The company’s profit more than doubled in the third quarter as booming demand and plunging polysilicon costs more than offset falling prices for its solar modules
- JinkoSolar’s shipments doubled in the third quarter, but its revenue grew at a slower 63% as prices for its solar modules fell
- The company said it is “confident” of beating its recently upgraded annual shipment forecast thanks to booming global demand
By Doug Young
Solar module prices may be plunging, but prices for the polysilicon that’s their main ingredient are falling even faster. That discrepancy is not only fueling an unexpected global boom in demand for solar modules, but is also fattening both the top and bottom lines for their manufacturers.
Both trends were shining prominently in the latest results from JinkoSolar Holding Co. Ltd. (JKS.US; 688223), one of the world’s top solar panel makers, which reported its shipments doubled year-on-year in the third quarter. The surging demand helped the company not only to beat its own earlier revenue guidance for the quarter, but also prompted it to predict it would beat its own full-year guidance that it already revised upward just three months earlier.
Investors liked the overall story from the results, bidding JinkoSolar’s shares up 14% after the report came out on Monday in New York.
But we should note the stock is still quite beaten down, even after the rally. JinkoSolar’s stock now trades at a price-to-earnings (P/E) ratio of just 3, which is even lower than its lesser-known Chinese rival Canadian Solar’s (CSIQ.US) 3.3. The company’s China-listed peers Trina (688599.SH) and Longi (601012.SH) both trade significantly higher at 11, though we should note that Jinko’s own China-listed stock trades ahead of those two at 17.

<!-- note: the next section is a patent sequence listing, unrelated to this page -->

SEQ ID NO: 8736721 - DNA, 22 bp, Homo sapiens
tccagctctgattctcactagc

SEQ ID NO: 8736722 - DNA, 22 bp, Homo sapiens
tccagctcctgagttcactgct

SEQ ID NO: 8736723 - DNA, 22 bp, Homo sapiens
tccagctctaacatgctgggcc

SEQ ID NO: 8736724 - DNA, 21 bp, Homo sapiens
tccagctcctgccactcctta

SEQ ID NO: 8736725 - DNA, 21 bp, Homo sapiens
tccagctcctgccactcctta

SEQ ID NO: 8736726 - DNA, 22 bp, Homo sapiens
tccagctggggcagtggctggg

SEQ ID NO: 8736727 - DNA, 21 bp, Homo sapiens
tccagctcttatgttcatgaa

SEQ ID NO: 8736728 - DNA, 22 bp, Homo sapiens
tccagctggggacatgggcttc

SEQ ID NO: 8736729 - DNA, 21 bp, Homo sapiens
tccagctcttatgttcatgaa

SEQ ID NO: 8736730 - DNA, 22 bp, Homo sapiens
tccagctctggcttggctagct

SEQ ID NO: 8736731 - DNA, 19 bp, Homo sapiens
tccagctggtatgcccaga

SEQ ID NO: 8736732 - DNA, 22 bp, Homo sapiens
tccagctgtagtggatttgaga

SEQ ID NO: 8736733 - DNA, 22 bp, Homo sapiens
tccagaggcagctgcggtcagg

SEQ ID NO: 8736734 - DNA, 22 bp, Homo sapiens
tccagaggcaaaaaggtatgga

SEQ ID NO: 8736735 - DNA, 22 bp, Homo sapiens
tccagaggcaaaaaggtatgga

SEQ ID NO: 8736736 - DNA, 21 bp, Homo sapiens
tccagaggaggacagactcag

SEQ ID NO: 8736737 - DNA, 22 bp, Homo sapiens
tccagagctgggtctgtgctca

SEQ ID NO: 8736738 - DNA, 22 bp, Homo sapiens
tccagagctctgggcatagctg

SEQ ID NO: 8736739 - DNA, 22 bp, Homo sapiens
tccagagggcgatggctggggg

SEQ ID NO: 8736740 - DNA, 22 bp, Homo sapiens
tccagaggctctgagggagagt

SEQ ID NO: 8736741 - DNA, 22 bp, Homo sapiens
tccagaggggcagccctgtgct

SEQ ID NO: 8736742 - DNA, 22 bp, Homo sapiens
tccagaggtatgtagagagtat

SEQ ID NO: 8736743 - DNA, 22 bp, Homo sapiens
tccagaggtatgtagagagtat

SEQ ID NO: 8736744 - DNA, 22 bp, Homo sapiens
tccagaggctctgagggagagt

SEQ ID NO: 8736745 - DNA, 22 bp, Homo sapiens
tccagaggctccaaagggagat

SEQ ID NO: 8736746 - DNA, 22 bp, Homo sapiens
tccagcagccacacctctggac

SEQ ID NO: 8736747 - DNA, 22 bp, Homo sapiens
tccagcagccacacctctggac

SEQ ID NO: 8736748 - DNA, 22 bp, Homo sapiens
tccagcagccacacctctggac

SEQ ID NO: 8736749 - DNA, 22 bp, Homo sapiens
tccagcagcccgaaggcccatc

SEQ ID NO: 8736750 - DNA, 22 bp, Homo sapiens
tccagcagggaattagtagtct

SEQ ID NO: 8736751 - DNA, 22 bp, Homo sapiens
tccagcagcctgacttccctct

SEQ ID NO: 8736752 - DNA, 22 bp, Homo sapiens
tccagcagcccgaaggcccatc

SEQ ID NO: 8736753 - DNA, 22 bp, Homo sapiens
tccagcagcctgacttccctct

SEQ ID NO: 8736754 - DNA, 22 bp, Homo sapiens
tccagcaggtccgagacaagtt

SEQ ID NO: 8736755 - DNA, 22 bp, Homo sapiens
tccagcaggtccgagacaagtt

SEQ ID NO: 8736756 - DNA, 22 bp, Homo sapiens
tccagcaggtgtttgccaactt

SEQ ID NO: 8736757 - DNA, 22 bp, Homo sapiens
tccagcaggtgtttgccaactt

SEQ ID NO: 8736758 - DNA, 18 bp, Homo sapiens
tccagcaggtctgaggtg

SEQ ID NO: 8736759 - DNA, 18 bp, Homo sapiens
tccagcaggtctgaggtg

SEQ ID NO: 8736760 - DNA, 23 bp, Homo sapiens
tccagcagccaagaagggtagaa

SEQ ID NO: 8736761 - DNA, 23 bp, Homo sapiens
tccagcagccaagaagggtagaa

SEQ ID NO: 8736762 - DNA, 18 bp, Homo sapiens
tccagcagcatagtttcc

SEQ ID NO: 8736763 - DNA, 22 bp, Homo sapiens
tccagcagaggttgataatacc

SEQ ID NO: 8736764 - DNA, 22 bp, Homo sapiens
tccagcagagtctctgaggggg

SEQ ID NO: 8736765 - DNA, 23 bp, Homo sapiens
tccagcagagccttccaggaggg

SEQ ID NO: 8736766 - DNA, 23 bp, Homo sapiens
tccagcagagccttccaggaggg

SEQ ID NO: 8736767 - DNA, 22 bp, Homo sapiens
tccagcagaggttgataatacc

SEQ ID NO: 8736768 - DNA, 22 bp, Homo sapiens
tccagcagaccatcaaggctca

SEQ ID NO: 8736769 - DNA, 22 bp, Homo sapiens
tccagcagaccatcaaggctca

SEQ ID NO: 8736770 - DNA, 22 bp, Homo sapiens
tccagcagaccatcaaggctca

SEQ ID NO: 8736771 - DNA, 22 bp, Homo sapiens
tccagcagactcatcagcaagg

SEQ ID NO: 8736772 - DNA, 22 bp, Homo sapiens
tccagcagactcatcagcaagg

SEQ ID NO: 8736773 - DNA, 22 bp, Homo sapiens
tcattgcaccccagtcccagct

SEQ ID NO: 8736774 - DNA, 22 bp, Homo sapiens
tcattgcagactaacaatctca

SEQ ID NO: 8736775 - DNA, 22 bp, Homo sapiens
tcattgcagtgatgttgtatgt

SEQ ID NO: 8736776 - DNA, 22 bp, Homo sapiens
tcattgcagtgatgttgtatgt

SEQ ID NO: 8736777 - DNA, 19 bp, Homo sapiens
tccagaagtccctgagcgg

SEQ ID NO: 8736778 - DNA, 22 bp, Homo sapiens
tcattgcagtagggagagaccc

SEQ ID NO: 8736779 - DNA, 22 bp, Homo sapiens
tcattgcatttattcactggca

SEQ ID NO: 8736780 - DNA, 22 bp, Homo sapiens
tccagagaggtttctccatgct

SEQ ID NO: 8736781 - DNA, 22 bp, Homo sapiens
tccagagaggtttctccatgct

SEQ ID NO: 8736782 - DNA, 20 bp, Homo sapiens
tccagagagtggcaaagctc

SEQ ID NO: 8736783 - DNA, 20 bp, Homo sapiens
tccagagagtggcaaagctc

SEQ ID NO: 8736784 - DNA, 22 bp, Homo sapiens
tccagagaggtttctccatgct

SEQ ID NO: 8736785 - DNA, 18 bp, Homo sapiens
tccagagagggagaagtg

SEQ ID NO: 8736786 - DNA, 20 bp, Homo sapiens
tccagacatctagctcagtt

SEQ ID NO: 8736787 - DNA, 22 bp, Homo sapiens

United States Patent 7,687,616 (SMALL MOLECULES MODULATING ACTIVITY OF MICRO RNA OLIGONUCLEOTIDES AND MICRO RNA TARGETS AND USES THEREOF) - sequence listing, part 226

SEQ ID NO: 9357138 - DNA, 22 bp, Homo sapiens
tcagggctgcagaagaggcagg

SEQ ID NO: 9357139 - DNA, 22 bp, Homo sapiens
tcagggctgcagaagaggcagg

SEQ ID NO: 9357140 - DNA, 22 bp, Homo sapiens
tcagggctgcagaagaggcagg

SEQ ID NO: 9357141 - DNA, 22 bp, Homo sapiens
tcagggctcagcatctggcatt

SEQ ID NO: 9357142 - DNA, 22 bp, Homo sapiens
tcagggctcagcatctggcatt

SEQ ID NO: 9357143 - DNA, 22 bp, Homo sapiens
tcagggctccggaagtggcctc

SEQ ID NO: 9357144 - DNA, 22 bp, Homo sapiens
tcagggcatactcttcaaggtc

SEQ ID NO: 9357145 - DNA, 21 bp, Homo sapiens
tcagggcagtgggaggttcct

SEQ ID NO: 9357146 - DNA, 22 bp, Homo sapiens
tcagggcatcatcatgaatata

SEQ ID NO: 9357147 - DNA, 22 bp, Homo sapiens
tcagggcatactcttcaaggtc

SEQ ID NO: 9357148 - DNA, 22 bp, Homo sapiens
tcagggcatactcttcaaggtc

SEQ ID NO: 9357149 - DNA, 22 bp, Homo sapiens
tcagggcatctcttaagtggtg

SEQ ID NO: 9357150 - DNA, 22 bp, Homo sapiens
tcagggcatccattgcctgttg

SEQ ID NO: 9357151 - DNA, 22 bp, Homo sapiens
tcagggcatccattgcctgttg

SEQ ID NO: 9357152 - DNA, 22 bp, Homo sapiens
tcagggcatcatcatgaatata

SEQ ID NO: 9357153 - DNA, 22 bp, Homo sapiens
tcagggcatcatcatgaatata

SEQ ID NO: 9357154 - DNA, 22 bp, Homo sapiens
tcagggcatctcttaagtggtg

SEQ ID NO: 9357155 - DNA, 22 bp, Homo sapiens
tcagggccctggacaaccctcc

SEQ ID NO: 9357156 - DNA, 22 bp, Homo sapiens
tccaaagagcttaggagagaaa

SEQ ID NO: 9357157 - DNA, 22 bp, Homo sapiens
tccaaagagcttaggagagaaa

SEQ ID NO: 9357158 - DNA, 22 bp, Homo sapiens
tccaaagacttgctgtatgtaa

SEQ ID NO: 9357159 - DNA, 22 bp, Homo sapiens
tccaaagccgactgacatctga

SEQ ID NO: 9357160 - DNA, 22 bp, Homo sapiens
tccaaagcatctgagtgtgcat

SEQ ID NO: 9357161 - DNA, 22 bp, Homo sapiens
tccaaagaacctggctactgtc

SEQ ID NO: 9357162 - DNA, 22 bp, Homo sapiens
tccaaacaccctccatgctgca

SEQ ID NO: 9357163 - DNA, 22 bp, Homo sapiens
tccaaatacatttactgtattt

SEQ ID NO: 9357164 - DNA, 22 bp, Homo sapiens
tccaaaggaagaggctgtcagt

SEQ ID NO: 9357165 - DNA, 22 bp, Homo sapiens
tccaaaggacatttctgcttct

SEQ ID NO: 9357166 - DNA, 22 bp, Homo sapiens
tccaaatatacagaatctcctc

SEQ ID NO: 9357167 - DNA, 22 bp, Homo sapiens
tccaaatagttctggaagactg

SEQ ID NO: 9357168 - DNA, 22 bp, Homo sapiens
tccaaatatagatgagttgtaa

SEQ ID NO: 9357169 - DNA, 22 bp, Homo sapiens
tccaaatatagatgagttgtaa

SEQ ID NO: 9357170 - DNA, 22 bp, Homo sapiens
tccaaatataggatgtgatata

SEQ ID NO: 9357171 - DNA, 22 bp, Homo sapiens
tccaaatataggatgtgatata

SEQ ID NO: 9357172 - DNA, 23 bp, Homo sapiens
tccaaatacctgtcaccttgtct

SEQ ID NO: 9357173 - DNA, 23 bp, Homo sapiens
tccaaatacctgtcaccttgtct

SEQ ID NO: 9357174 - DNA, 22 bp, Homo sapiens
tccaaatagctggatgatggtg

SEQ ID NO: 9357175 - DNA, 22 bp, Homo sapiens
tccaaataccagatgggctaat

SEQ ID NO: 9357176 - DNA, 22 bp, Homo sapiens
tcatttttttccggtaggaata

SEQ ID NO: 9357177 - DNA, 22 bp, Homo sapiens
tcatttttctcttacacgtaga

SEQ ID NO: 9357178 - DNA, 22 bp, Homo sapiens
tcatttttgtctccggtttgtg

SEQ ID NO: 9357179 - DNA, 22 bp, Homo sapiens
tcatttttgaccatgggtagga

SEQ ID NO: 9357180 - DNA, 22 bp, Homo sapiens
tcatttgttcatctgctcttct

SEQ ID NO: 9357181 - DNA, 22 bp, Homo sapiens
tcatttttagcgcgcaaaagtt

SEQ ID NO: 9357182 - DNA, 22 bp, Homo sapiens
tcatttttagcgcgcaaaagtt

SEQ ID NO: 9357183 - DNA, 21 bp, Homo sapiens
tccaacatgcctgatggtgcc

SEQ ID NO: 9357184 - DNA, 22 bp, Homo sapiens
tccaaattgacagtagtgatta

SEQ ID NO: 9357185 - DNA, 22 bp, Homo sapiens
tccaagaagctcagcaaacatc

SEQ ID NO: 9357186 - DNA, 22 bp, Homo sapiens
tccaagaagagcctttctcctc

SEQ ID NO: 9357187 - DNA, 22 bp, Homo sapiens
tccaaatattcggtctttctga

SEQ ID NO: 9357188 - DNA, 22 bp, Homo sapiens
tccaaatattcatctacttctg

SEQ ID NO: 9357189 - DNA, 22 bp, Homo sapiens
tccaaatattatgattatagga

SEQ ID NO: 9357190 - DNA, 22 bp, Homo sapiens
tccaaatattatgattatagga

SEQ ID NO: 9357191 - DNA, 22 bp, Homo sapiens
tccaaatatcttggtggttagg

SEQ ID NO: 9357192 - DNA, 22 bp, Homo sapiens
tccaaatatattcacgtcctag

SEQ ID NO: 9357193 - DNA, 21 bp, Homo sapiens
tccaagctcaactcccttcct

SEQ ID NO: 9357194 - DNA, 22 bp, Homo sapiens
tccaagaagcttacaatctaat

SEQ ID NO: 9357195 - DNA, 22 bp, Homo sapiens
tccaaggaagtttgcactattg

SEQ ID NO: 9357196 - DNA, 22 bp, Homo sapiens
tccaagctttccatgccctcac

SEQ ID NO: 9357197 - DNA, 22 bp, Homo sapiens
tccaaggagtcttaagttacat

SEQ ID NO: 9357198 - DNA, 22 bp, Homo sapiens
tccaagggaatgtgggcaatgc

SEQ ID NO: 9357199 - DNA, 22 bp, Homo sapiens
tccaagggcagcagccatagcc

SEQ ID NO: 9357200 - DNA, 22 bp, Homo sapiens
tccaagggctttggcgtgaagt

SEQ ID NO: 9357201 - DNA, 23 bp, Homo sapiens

So, it seems that perhaps U.S. investors know something that Chinese ones don’t. Their concerns are probably twofold, involving geopolitical factors and also concerns over future pricing trends.
The geopolitical factors are related to Western worries over China’s dominance of the solar module sector, which has led to constant threats of protective tariffs – especially by the U.S. JinkoSolar is one of the few major Chinese names that’s addressing that issue with its launch of a major U.S. manufacturing base in the state of Florida in 2019. The company said earlier this year that a major 1 GW expansion of that facility began production last month.
Meantime, the pricing trends that have investors worried are a global phenomenon that’s beyond JinkoSolar’s control. Data from pvXchange shows prices for solar modules are down sharply this year through October, falling anywhere from 32% for highest efficiency models since January, to as much as 42% for lower-end product.
But as we noted earlier, the cost for polysilicon, the main ingredient in solar modules, has plunged even more after reaching record highs in 2022. China-based Daqo New Energy (DQ.US; 688303.SH), one of the industry’s leading producers, said its average sell price (ASP) for polysilicon tumbled by more than three-quarters to $7.68 per kilogram in the third quarter from $36.44 a year earlier, according to its latest results also released on Monday.
JinkoSolar pointed out the plunging polysilicon prices were the main factor that helped its gross margin improve to 19.3% in the third quarter from 15.7% a year earlier. But whereas polysilicon prices seem likely to bottom out soon, there’s no indication that the prices for finished solar modules are anywhere near bottom just yet.